Electronics > Beginners

Electronics primers, course material and books

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baoancnc:
I have found a lot of good document on this topic. thank you

woodge:
While not a dedicated site for tutorials, the articles at the Elliott Sound Products site are some of the best I've ever read, particularly if you're into building audio equipment and/or test gear:

https://sound-au.com/index.html

For instance, I have yet to find a better discussion of DC servo circuits in as concise a format, and his practical, experience-based comments on topics such as heat sinking and op amps are refreshingly direct and helpful.

The top of the Index page (the above URL) doesn't look promising, but scroll down a bit and your patience will be rewarded.  Great stuff!

Cliff Matthews:
Another good easy reading resource is the topic list page for 23 years of Jack Ganssle
http://www.ganssle.com/tem-back.htm

elektronika:
Yes, it is a good and big book. The question is how much time are are ready to invest? I never learned this theory (and probably I should) mainly because of intimidating big books on paper. Another very good book is:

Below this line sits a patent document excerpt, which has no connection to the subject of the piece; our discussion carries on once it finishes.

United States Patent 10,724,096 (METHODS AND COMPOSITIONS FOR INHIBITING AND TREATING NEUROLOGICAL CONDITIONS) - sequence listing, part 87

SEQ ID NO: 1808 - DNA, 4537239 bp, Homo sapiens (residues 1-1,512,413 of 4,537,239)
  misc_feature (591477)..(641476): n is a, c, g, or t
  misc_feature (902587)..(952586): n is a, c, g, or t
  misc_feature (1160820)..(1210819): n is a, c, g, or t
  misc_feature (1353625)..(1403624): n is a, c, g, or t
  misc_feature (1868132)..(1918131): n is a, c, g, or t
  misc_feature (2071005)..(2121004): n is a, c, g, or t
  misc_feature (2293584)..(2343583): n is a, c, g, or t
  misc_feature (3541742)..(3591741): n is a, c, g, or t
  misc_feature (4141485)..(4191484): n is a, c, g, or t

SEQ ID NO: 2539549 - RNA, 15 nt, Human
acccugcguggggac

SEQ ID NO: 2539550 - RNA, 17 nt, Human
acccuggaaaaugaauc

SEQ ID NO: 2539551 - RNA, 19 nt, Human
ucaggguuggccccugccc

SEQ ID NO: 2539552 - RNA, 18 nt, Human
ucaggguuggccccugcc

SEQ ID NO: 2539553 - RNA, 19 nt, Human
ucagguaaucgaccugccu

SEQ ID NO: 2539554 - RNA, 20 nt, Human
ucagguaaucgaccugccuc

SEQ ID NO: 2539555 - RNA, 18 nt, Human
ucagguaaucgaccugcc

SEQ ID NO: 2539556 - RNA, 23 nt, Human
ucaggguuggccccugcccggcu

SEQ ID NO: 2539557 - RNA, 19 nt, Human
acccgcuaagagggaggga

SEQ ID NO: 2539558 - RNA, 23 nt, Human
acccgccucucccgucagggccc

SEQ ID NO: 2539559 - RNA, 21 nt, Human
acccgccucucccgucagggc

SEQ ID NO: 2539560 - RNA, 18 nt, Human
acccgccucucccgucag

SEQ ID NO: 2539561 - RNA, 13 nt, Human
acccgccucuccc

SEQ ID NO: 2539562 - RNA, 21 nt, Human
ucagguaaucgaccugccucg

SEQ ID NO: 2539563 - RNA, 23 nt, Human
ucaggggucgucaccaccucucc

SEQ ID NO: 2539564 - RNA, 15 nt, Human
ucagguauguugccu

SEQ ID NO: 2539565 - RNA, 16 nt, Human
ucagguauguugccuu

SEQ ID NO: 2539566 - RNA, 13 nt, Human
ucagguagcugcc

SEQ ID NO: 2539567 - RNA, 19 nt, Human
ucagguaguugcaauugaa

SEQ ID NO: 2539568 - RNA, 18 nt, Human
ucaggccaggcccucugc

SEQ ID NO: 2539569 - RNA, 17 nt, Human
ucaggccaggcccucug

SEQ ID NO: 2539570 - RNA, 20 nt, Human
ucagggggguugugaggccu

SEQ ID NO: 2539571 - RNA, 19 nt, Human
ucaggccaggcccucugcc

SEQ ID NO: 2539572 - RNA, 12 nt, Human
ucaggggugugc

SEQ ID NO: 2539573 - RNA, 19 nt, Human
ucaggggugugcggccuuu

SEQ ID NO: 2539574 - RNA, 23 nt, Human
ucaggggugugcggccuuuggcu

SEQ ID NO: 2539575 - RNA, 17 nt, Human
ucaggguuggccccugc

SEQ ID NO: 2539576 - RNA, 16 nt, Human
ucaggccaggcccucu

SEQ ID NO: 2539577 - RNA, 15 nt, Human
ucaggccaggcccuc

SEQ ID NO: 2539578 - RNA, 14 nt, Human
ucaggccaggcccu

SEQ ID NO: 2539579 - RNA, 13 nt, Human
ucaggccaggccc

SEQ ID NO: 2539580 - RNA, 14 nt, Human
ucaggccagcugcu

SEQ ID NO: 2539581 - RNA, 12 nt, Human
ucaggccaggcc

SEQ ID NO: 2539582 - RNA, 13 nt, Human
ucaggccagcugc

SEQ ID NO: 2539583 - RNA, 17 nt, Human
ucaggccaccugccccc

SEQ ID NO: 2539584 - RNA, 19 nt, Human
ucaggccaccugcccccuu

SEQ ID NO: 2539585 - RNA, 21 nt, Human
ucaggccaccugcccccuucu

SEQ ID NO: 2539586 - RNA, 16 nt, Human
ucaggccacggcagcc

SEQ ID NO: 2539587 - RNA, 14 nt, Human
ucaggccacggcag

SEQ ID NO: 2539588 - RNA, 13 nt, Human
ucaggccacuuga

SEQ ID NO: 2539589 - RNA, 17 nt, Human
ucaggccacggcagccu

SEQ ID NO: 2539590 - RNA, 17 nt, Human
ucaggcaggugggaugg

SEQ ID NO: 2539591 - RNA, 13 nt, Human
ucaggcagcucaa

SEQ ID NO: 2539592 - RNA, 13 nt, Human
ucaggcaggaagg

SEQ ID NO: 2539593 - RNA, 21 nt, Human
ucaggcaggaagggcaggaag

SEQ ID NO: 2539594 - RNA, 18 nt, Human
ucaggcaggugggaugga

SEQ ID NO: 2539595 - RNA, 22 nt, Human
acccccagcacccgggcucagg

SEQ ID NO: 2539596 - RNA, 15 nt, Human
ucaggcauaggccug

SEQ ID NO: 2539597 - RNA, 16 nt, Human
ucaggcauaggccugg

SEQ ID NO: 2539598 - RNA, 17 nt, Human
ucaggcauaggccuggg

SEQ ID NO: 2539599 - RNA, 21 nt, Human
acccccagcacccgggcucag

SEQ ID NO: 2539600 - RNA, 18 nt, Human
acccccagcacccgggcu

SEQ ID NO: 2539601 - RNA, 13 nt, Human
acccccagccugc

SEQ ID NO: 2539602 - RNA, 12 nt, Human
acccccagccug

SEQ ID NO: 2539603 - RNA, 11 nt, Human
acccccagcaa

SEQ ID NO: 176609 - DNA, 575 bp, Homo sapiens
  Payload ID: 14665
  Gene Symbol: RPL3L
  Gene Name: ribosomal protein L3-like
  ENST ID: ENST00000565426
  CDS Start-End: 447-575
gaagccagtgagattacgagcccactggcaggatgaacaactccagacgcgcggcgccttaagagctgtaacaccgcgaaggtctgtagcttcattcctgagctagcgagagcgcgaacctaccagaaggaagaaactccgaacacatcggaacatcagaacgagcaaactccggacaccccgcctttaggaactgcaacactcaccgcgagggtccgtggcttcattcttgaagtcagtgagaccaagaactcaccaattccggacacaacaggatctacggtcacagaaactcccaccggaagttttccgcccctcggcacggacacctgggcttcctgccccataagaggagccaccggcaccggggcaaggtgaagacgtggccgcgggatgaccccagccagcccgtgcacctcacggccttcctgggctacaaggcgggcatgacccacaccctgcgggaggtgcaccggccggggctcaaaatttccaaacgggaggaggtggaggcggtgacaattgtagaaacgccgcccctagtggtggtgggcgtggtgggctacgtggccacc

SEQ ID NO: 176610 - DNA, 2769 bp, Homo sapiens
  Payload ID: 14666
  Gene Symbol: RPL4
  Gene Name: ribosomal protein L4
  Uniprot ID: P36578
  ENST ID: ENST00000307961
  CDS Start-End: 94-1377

https://www.amazon.co.uk/Signals-Systems-International-Alan-Oppenheim/dp/0136511759

Nowadays everything is in internet and it is faster and very efficient than a book, because you have cross-check with multiple results, experience from many people, simulations, pictures and so on.
I believe the Schaum's outline series is one of the best start-ups. Link here:

http://people.disim.univaq.it/~costanzo.manes/EDU_stuff/Feedback%20and%20Control%20System_DiStefano_Schaum_Ch01-09.pdf

I hope it helps!

Vincenzo:
Throughout my decades in electronics and as an EE undergrad and graduate student, knowing which book or textbook to use was a torturous process of research and trial & error that eventually led me to (in my opinion) the best collection of books that I enjoyed studying in the past and learned a great deal from and those that I still go back to right now. Even though I doubt that they can be acquired for free, I'll use this long thread that I think makes it easier for younger hobbyists and students to find the jewels. They could be found second hand on ebay quite cheap, especially an older edition, since those sciences didn't change much in the last few decades
Here is a short list my favorite books that enjoyed and still have but rarely use now:

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